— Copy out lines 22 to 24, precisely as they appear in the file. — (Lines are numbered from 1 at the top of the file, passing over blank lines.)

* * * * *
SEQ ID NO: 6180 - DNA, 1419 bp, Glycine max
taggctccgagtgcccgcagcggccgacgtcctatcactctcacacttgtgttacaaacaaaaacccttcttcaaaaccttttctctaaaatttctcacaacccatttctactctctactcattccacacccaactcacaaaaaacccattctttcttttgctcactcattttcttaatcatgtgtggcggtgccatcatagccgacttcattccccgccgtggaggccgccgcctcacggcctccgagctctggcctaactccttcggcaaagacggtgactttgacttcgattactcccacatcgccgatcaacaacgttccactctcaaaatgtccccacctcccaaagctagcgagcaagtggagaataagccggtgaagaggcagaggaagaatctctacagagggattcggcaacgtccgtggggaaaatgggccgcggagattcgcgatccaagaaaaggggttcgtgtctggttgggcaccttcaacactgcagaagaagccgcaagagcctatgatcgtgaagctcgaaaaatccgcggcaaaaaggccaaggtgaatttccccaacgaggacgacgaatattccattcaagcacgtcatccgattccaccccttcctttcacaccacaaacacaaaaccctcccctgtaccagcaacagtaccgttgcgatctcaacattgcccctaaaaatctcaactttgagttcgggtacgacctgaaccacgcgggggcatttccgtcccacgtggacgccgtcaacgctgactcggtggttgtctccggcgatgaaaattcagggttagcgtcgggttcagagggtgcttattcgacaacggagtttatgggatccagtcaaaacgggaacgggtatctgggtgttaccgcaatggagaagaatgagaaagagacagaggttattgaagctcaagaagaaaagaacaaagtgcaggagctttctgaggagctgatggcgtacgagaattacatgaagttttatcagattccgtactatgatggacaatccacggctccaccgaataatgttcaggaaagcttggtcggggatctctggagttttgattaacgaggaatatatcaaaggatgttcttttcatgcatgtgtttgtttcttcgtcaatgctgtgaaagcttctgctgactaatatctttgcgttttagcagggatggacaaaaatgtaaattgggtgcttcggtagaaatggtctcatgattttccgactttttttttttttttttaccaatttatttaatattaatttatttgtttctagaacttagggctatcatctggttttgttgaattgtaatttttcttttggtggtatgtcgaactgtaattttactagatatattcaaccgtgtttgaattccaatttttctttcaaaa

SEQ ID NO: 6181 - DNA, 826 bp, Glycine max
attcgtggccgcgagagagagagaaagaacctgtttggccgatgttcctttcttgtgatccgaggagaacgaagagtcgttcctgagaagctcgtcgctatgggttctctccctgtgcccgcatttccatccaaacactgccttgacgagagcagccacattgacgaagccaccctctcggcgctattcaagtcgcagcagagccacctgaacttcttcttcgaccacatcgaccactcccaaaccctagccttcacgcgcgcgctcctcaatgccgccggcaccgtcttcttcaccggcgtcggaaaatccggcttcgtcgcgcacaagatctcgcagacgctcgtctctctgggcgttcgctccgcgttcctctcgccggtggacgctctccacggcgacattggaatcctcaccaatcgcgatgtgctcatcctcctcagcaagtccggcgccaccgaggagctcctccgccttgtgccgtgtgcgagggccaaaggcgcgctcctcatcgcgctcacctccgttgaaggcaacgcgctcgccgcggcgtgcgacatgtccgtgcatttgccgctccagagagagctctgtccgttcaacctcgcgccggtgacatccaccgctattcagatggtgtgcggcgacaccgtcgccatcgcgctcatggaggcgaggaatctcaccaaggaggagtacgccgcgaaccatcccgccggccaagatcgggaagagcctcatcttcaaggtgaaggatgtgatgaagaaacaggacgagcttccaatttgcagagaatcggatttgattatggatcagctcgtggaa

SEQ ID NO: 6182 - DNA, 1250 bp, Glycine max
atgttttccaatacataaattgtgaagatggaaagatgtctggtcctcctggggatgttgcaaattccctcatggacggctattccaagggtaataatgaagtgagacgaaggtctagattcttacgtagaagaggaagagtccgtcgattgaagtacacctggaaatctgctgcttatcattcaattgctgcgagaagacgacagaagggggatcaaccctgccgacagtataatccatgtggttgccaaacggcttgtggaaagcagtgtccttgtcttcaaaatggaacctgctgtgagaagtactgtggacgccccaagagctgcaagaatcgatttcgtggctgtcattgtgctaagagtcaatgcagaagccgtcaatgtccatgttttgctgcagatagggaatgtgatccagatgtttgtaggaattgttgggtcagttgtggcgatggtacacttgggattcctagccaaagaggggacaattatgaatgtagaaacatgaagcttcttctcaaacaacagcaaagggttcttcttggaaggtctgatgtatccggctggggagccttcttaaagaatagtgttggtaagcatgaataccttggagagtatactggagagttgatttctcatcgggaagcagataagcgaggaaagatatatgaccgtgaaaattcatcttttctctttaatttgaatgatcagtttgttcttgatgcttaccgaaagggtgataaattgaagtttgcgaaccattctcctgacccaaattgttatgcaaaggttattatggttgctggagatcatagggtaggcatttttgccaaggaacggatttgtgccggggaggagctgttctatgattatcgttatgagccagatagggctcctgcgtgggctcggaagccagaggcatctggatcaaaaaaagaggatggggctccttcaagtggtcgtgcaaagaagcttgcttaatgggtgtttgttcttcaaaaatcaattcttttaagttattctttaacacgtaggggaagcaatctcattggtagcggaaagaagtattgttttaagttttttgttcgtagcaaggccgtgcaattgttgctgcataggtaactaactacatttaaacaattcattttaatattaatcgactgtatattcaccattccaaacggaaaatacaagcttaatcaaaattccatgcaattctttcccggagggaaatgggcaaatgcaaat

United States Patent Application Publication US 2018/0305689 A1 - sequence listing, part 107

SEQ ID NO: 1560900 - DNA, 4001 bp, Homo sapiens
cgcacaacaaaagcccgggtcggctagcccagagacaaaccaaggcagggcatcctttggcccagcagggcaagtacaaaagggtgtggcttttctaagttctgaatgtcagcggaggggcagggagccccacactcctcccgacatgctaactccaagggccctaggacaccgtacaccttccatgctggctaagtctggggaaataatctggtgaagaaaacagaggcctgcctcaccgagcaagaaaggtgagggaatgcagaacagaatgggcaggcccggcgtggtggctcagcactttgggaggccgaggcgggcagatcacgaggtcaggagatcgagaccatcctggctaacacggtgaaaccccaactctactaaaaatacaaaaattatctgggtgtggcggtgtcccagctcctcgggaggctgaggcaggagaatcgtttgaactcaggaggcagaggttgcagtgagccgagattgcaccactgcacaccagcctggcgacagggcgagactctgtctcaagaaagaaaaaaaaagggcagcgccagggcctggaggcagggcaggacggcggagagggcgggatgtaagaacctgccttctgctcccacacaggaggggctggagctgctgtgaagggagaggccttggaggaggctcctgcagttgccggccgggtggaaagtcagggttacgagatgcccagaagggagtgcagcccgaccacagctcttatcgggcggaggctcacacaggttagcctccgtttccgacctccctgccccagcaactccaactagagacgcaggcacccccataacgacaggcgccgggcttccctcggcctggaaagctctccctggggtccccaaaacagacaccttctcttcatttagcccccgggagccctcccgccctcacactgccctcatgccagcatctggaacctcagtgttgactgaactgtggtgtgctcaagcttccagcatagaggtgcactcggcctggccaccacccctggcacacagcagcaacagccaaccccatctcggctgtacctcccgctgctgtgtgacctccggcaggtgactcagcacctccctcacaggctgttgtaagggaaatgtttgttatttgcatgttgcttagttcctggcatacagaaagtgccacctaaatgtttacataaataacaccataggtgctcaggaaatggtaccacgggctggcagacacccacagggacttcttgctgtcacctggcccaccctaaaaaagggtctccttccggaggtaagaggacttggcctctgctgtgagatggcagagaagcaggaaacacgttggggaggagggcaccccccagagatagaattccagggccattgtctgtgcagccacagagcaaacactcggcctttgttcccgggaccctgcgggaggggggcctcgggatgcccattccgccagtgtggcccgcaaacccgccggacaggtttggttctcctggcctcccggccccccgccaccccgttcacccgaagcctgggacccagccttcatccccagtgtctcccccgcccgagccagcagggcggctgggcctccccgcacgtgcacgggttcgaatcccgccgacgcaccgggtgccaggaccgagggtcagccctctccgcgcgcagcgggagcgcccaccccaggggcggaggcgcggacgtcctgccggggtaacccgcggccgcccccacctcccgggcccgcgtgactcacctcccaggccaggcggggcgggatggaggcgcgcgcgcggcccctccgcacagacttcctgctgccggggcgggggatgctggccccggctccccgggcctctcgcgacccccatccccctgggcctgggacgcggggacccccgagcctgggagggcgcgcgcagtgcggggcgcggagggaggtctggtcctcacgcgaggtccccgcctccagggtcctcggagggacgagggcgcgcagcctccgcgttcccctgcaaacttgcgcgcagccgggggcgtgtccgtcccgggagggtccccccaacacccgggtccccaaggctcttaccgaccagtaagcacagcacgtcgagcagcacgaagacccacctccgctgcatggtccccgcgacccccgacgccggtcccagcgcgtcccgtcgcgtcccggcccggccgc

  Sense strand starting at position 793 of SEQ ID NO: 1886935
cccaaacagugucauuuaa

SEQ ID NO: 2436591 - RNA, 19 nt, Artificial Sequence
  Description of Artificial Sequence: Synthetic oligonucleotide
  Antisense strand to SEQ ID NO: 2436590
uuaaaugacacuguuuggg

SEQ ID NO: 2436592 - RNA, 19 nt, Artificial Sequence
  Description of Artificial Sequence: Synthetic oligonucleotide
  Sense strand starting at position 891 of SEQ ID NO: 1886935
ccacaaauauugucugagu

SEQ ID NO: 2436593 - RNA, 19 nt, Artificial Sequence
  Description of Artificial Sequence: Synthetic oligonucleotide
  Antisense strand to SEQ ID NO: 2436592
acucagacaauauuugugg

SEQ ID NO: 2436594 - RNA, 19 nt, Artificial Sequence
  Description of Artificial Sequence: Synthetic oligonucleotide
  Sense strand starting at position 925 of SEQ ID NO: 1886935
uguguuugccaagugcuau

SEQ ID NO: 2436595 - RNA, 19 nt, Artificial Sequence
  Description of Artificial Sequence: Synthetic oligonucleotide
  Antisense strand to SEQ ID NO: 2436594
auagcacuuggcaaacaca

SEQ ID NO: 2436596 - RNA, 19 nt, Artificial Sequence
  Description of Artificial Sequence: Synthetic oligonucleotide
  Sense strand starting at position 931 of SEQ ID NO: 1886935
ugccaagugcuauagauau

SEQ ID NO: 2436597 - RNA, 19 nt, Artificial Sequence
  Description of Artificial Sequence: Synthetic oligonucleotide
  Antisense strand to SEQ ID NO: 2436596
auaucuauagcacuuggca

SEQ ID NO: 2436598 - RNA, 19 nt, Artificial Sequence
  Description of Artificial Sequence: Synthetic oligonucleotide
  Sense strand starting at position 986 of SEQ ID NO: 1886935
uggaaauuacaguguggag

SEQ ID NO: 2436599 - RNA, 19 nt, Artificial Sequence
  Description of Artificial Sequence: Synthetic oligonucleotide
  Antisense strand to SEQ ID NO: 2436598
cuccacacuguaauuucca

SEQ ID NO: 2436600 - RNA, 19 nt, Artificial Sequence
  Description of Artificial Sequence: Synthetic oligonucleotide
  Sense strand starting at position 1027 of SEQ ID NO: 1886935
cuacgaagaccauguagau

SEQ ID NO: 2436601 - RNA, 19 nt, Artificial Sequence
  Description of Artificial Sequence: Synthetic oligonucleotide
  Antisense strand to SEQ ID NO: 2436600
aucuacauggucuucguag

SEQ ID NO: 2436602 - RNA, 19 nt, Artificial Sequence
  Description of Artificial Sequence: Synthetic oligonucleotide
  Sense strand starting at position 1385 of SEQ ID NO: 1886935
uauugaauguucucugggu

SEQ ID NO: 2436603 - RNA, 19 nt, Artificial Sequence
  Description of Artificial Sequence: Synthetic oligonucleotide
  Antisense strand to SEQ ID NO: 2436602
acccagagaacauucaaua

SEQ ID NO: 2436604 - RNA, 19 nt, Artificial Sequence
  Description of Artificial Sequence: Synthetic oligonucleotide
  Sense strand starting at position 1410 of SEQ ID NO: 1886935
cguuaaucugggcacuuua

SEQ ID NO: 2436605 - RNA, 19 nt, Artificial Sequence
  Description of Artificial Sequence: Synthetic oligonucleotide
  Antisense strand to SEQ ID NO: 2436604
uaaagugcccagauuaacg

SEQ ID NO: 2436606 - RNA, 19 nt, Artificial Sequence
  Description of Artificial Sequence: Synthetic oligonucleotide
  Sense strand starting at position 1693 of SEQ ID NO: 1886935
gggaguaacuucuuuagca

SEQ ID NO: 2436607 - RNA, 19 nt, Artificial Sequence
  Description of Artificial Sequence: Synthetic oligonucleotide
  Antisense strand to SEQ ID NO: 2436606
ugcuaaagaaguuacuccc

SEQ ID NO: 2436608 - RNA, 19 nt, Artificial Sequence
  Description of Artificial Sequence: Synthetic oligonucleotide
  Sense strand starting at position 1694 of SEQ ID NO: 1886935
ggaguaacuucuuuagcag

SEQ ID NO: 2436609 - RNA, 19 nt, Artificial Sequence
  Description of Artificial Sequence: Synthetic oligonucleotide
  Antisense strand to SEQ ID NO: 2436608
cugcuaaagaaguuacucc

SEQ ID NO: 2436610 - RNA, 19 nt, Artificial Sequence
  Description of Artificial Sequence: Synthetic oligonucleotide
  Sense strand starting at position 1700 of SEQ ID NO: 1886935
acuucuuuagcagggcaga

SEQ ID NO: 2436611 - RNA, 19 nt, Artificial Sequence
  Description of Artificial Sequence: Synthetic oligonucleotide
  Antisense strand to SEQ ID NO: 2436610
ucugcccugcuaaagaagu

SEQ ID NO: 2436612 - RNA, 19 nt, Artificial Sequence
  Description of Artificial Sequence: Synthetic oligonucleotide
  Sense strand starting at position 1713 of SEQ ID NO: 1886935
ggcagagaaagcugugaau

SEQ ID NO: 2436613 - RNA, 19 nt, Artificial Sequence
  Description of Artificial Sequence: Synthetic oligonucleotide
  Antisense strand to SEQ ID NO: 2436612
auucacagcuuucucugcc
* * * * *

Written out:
  Antisense strand to SEQ ID NO: 2436592
acucagacaauauuugugg

SEQ ID NO: 2436594 - RNA, 19 nt, Artificial Sequence